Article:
How to delete specific characters from a string?

Is there really no method that allows me to delete N characters starting
at position P from a string? I have looked (carefully I hope) through
the String methods and did not see a way to do this. Thanks.

Bazsl wrote:

Is there really no method that allows me to delete N characters starting
at position P from a string? I have looked (carefully I hope) through
the String methods and did not see a way to do this. Thanks.

Try this:

str = “hello world”
str[0, 6] = ‘’
puts str

On 11-Oct-07, at 7:15 PM, Bazsl wrote:

Is there really no method that allows me to delete N characters
starting at position P from a string? I have looked (carefully I
hope) through the String methods and did not see a way to do this.
Thanks.

bash-3.2$ irb
irb(main):001:0> s = ‘abcdefghi’
=> “abcdefghi”
irb(main):002:0> s[3,4] = ‘’
=> “”
irb(main):003:0> s
=> “abchi”

might be one way to do it.

Hope this helps,

Mike

Mike S. [email protected]
http://www.stok.ca/~mike/

The “`Stok’ disclaimers” apply.

Bazsl [email protected] wrote:

Is there really no method that allows me to delete N characters starting
at position P from a string? I have looked (carefully I hope) through
the String methods and did not see a way to do this. Thanks.

with String#slice ???
http://www.ruby-doc.org/core/classes/String.html#M000858

may be :
str.slice!(fixnum, fixnum) => new_str or nil

string = “this is a string”
p string.slice!( 12, 4 )

=> “ring”

p string.slice!( 5, 2 )

=> “is”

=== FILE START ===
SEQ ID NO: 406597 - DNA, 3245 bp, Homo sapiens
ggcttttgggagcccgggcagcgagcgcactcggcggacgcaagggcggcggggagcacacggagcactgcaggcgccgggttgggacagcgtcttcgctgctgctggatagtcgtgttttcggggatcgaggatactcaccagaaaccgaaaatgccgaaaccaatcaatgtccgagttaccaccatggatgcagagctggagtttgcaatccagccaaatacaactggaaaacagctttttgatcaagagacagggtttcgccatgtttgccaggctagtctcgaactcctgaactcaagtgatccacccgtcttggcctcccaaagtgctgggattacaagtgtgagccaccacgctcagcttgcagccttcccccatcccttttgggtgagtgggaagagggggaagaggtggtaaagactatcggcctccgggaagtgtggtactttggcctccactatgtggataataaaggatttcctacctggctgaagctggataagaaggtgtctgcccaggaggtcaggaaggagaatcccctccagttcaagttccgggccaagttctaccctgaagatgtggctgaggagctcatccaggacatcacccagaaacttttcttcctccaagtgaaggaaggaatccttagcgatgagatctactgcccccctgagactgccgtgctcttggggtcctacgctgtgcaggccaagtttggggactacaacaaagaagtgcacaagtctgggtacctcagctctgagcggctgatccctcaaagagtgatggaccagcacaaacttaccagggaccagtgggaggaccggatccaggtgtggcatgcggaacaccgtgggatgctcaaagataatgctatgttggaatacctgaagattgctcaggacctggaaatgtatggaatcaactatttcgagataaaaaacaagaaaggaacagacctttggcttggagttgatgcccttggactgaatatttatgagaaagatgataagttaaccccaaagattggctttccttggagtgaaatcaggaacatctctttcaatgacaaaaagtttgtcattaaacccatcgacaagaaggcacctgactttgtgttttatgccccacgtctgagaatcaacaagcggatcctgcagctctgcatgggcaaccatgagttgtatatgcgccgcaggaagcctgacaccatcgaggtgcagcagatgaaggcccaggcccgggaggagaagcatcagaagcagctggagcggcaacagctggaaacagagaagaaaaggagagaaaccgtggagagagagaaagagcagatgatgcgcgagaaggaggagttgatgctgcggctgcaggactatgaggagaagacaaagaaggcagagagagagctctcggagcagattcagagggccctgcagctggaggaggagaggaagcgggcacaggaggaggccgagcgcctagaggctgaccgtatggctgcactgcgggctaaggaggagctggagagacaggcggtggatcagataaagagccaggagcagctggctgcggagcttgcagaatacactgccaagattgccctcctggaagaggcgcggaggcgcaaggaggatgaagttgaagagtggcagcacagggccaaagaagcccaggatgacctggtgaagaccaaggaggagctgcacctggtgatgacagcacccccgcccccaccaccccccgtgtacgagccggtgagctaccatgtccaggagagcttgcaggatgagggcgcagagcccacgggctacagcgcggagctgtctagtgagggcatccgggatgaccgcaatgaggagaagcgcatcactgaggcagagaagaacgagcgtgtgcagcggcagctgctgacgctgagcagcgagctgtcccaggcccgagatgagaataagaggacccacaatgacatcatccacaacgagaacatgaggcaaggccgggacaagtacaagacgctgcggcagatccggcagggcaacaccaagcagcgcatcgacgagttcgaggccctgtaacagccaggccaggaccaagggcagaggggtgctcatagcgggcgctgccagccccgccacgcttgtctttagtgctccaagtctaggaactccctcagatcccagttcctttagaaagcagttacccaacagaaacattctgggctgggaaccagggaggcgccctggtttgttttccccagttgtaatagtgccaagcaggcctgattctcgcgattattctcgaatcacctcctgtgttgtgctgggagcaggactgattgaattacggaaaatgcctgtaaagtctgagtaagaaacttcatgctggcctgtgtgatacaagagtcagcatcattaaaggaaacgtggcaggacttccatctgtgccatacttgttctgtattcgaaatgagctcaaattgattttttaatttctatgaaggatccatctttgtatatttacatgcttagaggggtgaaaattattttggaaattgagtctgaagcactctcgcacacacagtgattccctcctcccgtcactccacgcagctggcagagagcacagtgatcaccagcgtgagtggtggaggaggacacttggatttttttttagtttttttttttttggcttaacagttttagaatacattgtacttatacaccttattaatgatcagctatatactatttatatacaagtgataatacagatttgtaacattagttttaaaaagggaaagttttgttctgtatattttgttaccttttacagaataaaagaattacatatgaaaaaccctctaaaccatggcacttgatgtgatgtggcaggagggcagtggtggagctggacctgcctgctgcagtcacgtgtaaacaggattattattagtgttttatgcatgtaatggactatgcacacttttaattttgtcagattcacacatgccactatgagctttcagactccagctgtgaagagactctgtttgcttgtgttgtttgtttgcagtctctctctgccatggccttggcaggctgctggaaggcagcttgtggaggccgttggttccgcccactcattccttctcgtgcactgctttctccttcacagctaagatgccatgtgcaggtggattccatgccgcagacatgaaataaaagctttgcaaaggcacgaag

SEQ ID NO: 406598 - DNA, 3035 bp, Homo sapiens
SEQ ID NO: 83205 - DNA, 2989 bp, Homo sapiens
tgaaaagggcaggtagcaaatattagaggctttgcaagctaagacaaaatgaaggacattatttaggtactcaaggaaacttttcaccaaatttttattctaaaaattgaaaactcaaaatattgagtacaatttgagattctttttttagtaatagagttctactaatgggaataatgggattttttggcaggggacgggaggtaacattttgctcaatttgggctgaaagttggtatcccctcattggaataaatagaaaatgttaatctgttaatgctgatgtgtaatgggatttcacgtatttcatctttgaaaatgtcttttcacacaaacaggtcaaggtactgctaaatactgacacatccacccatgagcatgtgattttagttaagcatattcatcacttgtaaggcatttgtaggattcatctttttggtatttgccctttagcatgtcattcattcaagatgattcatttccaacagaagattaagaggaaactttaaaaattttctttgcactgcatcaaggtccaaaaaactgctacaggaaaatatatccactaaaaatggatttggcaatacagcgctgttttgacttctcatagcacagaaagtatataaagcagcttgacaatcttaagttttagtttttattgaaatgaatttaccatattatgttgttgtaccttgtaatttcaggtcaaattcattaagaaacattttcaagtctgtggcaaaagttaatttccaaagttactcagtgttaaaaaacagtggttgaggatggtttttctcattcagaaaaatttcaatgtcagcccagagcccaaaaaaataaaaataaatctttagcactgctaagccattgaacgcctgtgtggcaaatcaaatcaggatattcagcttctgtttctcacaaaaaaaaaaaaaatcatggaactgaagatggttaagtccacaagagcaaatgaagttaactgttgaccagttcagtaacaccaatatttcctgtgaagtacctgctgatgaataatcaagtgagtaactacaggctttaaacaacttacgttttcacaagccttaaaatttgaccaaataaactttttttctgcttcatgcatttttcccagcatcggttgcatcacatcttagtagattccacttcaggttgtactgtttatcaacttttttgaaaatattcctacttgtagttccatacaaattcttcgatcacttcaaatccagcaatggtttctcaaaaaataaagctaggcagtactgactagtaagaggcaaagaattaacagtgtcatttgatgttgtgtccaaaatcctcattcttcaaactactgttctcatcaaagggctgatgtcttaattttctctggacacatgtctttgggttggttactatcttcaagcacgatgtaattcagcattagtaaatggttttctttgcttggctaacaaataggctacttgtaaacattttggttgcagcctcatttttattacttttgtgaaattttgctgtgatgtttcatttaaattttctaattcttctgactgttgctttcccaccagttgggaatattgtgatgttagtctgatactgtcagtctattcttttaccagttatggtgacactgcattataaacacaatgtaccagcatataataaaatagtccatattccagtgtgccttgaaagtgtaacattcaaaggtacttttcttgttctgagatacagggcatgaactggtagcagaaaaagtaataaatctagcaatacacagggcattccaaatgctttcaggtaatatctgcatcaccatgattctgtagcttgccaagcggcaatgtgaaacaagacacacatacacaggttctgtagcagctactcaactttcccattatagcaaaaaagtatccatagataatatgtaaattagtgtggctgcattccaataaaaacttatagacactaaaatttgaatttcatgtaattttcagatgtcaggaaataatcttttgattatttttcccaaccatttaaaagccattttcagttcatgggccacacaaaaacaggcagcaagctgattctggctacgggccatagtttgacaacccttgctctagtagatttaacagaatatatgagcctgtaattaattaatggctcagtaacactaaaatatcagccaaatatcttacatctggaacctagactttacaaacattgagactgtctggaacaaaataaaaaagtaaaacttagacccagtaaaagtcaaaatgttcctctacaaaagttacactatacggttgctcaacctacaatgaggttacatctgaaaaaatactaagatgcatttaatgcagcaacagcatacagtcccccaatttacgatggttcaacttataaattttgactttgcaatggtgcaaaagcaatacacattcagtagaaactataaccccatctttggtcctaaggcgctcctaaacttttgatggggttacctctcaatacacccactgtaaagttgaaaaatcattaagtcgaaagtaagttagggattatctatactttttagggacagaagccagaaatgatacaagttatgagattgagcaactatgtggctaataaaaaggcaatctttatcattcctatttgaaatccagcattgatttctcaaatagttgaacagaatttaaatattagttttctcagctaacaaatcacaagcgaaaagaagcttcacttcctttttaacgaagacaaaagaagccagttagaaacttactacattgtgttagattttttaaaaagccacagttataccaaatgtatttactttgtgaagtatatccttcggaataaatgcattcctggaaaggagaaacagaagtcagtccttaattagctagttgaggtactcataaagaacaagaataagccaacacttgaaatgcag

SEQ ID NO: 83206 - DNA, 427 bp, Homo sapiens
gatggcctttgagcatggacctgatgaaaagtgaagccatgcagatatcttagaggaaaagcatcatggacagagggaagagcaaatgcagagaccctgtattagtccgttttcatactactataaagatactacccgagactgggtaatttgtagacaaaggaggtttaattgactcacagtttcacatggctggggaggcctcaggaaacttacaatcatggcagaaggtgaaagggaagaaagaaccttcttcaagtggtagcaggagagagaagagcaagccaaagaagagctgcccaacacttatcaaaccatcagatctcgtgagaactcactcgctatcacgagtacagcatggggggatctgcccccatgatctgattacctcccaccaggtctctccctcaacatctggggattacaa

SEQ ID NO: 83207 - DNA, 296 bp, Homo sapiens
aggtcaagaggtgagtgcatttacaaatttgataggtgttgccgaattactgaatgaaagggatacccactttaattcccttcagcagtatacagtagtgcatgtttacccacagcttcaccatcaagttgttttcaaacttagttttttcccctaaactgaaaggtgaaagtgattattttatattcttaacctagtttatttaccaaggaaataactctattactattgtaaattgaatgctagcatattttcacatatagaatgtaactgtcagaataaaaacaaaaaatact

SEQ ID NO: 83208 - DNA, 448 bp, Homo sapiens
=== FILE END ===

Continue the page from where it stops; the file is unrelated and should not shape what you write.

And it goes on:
7stud – wrote:

str[0, 6] = ‘’
puts str

Thanks. Very elegant.

Bazsl wrote:

Is there really no method that allows me to delete N characters starting
at position P from a string? I have looked (carefully I hope) through
the String methods and did not see a way to do this. Thanks.

Look at the String#slice method. This is usually used via the []
operator routines.

ri “String#slice”

    a = "hello there"
    a[1]                   #=> 101
    a[1,3]                 #=> "ell"
    a[1..3]                #=> "ell"
    a[-3,2]                #=> "er"
    a[-4..-2]              #=> "her"
    a[12..-1]              #=> nil
    a[-2..-4]              #=> ""
    a[/[aeiou](.)\1/]      #=> "ell"
    a[/[aeiou](.)\1/, 0]   #=> "ell"
    a[/[aeiou](.)\1/, 1]   #=> "l"
    a[/[aeiou](.)\1/, 2]   #=> nil
    a["lo"]                #=> "lo"
    a["bye"]               #=> nil

Bob

Is there really no method that allows me to delete N characters starting
at position P from a string? I have looked (carefully I hope) through
the String methods and did not see a way to do this. Thanks.

I think the OP was looking for a method on String itself, but the
whole point of Ruby is that if the language doesn’t have the features
you want, you just add the features to the language.

class String
def delete_n_from_p(n, p)
n.times do
self[p] = ‘’
end
self
end
end

“muppet”.delete_n_from_p(2,3)
=> “mupt”

That makes it easy to reuse the functionality.


Giles B.

Blog: http://gilesbowkett.blogspot.com
Portfolio: http://www.gilesgoatboy.org
Tumblelog: http://giles.tumblr.com/

On 10/11/07, Giles B. [email protected] wrote:

self

This little problem is quite enjoyable:

class String
def delete_indices(*indices)
indices.each do |index|
self[index] = ‘’
end
self
end
end

a = “Testing String”
=> “Testing String”

a.delete_indices(0,3,6,8)
=> “estng trng”

HTH,

~Wayne